A: I don’t get that many hecklers anymore. I’m pretty rapid-fire, so I don’t give anybody a chance. I can tell you about the worst show I ever did. I make my living as a comedian, so I do a lot of corporate shows. I did one at this restaurant in Calgary – a venue not set up for comedy. It was a last minute hire. I get there and there’s no stage, no light, bad sound and no one can see me. It was a long day, meetings all day and everyone is tired. My act doesn’t go very well. There were servers walking in front of me as I’m performing. After about 10 minutes of this, I said, maybe would could get the servers to not to walk in front of me while I’m performing? And one of the audience members yells NO! They were hungry. So I do my act, and there’s not many laughs. You start to think that you’re not funny, so it’s really hard at that point, but after about 25 minutes, they start to laugh. I thought, hey, I’m getting to them! Usually it takes about 10 minutes, but hey, this is great. So I look behind me and this fucking manager had a metal ladder set up behind me and he had a bucket and he was trying to catch this drip in the ceiling – during my show. This was the only show I can think of that I cut short … I almost did another gig where they wanted to me do my act through the French fry mic. I turned it down.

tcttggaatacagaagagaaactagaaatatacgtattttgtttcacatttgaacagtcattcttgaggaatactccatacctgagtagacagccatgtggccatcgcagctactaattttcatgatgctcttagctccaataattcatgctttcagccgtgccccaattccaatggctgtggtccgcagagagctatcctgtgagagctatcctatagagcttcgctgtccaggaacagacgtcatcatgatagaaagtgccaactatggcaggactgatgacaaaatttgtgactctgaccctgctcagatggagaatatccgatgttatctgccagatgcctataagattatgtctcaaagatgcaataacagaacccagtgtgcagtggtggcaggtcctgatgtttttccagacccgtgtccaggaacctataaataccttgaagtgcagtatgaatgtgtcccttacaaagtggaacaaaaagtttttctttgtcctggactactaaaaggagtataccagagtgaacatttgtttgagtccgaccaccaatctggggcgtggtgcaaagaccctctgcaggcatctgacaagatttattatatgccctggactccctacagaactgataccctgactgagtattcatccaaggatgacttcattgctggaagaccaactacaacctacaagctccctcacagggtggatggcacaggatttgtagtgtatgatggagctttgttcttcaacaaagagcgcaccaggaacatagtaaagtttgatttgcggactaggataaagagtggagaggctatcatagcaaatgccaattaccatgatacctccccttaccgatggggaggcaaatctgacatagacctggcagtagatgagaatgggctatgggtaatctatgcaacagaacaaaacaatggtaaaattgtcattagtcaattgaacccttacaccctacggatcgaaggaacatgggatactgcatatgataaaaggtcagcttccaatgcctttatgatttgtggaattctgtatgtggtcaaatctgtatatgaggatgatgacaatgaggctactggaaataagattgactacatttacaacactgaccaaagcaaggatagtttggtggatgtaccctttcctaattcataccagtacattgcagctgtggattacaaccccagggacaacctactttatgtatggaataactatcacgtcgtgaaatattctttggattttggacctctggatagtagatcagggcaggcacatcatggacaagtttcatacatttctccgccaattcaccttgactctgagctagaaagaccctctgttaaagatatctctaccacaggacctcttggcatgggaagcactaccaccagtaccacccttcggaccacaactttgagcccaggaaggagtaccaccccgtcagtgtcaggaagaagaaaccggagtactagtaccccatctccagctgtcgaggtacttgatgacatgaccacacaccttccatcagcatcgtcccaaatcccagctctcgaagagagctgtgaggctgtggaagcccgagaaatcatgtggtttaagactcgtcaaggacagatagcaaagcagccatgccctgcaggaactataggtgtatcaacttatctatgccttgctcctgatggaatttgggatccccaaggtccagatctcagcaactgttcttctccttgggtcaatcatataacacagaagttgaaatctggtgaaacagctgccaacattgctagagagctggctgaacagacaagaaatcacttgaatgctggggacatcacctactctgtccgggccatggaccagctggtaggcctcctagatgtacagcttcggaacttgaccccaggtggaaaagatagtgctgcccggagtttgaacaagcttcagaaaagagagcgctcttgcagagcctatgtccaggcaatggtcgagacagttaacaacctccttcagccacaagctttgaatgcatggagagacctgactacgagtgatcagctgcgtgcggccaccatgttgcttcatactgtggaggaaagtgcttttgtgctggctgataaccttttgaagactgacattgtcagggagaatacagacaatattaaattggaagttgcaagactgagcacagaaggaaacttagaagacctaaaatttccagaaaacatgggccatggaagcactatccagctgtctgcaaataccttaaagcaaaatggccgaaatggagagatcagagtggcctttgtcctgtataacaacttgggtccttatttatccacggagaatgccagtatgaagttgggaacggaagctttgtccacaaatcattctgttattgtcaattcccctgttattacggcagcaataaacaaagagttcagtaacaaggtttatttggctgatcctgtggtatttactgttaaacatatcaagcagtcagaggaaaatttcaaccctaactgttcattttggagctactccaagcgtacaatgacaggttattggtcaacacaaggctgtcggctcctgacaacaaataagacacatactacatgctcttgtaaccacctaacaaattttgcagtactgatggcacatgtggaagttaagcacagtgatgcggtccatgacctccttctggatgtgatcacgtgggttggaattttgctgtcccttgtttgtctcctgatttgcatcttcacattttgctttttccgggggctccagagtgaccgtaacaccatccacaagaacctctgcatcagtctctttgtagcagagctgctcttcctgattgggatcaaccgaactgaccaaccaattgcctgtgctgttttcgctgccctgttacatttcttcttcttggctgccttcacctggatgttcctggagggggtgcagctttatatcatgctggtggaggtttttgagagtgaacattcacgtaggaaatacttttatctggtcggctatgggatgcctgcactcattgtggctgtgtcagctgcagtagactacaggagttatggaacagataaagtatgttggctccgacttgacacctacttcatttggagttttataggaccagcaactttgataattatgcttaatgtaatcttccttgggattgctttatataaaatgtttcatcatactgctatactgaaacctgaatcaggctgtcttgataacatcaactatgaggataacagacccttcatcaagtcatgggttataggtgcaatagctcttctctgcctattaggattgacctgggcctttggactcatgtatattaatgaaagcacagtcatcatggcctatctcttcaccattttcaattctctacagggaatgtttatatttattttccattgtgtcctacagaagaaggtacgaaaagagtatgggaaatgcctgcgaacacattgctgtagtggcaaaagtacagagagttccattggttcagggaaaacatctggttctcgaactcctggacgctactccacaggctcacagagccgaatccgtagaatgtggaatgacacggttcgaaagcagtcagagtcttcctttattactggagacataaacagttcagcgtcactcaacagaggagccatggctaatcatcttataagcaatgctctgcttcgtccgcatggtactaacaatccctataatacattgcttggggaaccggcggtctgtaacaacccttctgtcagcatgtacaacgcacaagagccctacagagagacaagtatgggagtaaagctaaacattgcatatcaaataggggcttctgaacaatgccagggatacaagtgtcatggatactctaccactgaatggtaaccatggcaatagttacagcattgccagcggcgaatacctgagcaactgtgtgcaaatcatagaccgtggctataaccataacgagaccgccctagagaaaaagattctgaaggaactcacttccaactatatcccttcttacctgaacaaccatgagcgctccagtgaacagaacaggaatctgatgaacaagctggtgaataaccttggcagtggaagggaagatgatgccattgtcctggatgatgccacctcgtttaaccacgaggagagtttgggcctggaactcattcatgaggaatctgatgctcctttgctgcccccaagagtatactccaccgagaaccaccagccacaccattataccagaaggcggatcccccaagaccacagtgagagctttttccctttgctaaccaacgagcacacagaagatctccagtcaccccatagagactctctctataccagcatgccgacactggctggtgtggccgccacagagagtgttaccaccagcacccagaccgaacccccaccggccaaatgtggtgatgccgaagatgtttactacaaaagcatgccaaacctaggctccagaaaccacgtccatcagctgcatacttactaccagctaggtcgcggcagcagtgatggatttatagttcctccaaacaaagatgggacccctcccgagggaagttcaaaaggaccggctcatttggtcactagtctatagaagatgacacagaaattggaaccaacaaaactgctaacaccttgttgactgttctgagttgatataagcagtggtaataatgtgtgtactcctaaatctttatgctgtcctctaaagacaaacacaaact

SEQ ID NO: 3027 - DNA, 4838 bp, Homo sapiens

Q: Do you have a favourite joke you don’t do anymore because you think it’s stale?
A: To me the personal hell is having to blow through stuff I’ve done a thousand times, to sell it again. I don’t know if I’ve ever been diagnosed with Attention Deficit Disorder, but I get so bored doing the same stuff. I write all the time, every day, and I’m always trying to push old material out the back so I get to the new stuff. The new stuff reflects who I am TODAY.
Q: Do you have a new bit that’s going over particularly well?